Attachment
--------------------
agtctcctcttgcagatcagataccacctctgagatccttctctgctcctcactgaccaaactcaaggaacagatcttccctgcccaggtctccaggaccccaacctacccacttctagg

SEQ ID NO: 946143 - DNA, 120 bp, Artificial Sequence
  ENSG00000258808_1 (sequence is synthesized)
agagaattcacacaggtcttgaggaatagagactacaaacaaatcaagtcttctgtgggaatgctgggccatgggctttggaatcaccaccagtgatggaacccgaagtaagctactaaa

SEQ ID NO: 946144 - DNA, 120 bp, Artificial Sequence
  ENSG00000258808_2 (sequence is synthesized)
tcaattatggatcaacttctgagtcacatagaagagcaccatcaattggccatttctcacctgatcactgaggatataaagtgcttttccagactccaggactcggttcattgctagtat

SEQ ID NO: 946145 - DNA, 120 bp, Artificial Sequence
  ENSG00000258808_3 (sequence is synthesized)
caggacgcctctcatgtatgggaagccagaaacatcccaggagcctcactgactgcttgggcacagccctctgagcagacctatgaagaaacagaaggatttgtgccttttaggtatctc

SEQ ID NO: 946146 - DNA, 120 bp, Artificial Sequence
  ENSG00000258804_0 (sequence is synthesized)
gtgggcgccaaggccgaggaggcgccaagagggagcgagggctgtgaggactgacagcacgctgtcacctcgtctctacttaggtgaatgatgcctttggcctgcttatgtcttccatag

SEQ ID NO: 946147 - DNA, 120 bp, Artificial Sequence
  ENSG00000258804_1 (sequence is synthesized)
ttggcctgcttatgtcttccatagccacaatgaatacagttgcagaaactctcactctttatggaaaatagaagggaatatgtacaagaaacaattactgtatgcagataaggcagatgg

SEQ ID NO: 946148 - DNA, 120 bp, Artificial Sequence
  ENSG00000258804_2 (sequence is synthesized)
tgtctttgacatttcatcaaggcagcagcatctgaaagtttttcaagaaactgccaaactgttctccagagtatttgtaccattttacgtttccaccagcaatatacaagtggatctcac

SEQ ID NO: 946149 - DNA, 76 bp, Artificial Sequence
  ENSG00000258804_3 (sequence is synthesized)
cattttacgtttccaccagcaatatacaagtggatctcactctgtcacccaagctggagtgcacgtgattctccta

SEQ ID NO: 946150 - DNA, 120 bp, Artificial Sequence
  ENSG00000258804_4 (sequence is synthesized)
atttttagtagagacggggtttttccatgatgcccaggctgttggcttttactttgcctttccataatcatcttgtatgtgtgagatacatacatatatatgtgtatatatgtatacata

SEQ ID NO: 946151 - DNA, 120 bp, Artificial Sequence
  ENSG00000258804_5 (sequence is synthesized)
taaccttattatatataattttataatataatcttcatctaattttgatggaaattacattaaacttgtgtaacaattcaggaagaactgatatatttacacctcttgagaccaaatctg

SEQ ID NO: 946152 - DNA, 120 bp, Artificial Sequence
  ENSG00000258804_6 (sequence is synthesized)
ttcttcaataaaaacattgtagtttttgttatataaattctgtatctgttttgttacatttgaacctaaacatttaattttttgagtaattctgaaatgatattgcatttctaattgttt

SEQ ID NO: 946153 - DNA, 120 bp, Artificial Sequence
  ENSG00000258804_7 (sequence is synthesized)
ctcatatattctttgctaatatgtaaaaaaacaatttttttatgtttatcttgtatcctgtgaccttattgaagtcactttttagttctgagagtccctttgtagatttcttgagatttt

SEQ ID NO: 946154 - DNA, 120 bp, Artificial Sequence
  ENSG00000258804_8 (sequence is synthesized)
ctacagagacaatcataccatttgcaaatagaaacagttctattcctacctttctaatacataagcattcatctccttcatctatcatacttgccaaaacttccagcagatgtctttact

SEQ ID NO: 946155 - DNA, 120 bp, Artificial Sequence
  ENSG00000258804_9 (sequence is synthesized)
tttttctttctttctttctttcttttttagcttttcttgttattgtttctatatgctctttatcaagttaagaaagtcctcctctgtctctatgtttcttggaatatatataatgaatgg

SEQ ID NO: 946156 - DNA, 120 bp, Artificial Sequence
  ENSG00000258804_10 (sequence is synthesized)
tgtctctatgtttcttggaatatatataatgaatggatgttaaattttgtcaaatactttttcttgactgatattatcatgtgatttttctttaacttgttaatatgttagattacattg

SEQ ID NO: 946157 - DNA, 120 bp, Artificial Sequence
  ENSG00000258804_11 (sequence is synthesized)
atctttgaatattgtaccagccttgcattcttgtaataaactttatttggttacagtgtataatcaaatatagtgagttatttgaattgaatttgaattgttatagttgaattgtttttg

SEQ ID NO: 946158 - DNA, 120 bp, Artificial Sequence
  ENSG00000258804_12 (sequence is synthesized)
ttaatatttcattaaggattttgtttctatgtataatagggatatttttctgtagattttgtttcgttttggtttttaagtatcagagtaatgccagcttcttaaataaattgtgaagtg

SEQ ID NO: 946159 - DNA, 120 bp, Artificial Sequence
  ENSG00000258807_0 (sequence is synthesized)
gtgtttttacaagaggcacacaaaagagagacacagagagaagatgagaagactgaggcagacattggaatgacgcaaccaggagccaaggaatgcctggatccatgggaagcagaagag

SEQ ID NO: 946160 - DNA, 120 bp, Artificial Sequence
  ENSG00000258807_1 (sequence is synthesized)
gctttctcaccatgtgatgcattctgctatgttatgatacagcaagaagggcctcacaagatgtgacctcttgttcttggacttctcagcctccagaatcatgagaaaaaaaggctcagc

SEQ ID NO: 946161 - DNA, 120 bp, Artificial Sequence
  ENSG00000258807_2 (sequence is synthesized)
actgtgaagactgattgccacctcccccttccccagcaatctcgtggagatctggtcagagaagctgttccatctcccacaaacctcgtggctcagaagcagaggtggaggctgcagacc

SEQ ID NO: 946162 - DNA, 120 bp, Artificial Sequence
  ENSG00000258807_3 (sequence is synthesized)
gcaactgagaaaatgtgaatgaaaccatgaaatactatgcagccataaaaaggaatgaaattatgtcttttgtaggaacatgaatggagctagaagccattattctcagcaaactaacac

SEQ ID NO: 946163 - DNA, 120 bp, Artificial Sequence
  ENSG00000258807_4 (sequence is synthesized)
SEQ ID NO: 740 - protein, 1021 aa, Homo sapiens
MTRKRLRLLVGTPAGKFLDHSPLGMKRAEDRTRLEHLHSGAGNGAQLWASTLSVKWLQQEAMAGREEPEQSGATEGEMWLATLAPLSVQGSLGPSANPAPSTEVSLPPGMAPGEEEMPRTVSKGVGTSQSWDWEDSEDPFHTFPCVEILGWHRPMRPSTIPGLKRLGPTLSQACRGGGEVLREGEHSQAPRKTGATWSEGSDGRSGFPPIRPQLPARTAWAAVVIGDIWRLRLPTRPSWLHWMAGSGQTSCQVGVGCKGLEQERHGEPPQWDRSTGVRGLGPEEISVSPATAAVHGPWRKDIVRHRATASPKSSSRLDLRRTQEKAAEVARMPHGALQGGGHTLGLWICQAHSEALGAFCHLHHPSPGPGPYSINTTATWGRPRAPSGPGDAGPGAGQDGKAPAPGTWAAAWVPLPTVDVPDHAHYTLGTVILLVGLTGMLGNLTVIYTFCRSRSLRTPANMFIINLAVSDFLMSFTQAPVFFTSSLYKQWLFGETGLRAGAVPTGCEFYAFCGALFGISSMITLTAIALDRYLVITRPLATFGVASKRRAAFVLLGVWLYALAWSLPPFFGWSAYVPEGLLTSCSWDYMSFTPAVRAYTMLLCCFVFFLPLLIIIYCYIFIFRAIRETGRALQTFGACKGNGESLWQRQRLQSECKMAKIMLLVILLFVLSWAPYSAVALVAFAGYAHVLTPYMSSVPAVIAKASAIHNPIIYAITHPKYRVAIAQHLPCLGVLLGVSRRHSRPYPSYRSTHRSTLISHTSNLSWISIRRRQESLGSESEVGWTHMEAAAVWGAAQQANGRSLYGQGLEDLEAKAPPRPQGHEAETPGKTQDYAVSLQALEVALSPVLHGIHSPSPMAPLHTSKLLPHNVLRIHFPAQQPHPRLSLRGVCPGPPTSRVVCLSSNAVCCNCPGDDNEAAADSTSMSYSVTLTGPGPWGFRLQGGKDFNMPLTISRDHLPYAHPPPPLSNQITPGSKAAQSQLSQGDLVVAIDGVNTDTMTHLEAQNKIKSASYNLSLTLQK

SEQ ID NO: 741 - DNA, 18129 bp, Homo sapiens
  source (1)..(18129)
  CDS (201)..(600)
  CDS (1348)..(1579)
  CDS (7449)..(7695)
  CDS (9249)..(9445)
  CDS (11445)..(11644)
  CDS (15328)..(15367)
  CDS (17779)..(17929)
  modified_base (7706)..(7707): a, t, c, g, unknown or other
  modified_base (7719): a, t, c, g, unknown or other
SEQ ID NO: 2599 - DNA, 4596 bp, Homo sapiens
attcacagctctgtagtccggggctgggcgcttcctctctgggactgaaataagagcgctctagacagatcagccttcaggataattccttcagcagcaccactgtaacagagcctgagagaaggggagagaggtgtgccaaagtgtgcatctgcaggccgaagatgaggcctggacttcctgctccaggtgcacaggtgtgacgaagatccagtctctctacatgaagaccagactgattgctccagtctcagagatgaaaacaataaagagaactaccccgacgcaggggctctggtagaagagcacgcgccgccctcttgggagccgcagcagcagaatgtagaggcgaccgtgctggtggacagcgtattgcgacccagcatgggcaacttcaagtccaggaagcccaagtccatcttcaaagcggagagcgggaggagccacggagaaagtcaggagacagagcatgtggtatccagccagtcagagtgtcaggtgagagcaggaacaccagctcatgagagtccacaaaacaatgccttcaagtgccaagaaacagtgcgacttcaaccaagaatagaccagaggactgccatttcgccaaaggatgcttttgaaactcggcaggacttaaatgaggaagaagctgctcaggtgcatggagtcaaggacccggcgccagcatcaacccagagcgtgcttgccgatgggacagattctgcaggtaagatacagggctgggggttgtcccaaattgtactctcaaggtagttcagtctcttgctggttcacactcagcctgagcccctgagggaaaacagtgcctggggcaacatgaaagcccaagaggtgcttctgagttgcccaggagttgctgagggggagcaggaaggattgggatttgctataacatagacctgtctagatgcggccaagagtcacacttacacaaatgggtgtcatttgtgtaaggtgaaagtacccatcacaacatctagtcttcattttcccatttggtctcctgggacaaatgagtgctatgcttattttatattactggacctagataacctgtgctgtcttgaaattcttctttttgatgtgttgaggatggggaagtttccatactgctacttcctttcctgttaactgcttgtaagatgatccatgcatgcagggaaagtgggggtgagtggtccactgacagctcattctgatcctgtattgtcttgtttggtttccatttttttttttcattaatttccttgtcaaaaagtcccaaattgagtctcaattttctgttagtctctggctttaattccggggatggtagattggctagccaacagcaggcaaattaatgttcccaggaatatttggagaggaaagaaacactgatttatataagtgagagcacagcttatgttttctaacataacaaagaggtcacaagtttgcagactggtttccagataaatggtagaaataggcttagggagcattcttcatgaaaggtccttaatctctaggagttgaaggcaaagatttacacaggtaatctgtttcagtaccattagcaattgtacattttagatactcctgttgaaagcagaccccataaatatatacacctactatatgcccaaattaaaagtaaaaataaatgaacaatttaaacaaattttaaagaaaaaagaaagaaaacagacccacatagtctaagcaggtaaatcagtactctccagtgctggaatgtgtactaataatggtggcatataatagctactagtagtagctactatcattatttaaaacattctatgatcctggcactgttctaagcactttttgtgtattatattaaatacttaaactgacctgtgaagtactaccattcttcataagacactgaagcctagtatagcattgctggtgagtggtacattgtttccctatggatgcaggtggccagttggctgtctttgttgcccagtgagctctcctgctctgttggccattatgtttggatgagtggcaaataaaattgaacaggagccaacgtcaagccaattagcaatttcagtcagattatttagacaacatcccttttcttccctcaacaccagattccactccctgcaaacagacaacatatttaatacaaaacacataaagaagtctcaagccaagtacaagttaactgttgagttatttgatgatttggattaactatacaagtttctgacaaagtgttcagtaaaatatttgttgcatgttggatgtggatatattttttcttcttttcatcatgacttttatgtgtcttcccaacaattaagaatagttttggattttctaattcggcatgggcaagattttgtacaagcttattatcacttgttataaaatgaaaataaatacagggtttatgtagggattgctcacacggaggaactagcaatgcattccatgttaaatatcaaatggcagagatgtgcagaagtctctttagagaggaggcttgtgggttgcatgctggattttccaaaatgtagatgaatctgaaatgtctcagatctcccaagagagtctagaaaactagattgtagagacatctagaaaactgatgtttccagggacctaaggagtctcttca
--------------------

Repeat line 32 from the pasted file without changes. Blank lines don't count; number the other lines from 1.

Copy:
SEQ ID NO: 946153 - DNA, 120 bp, Artificial Sequence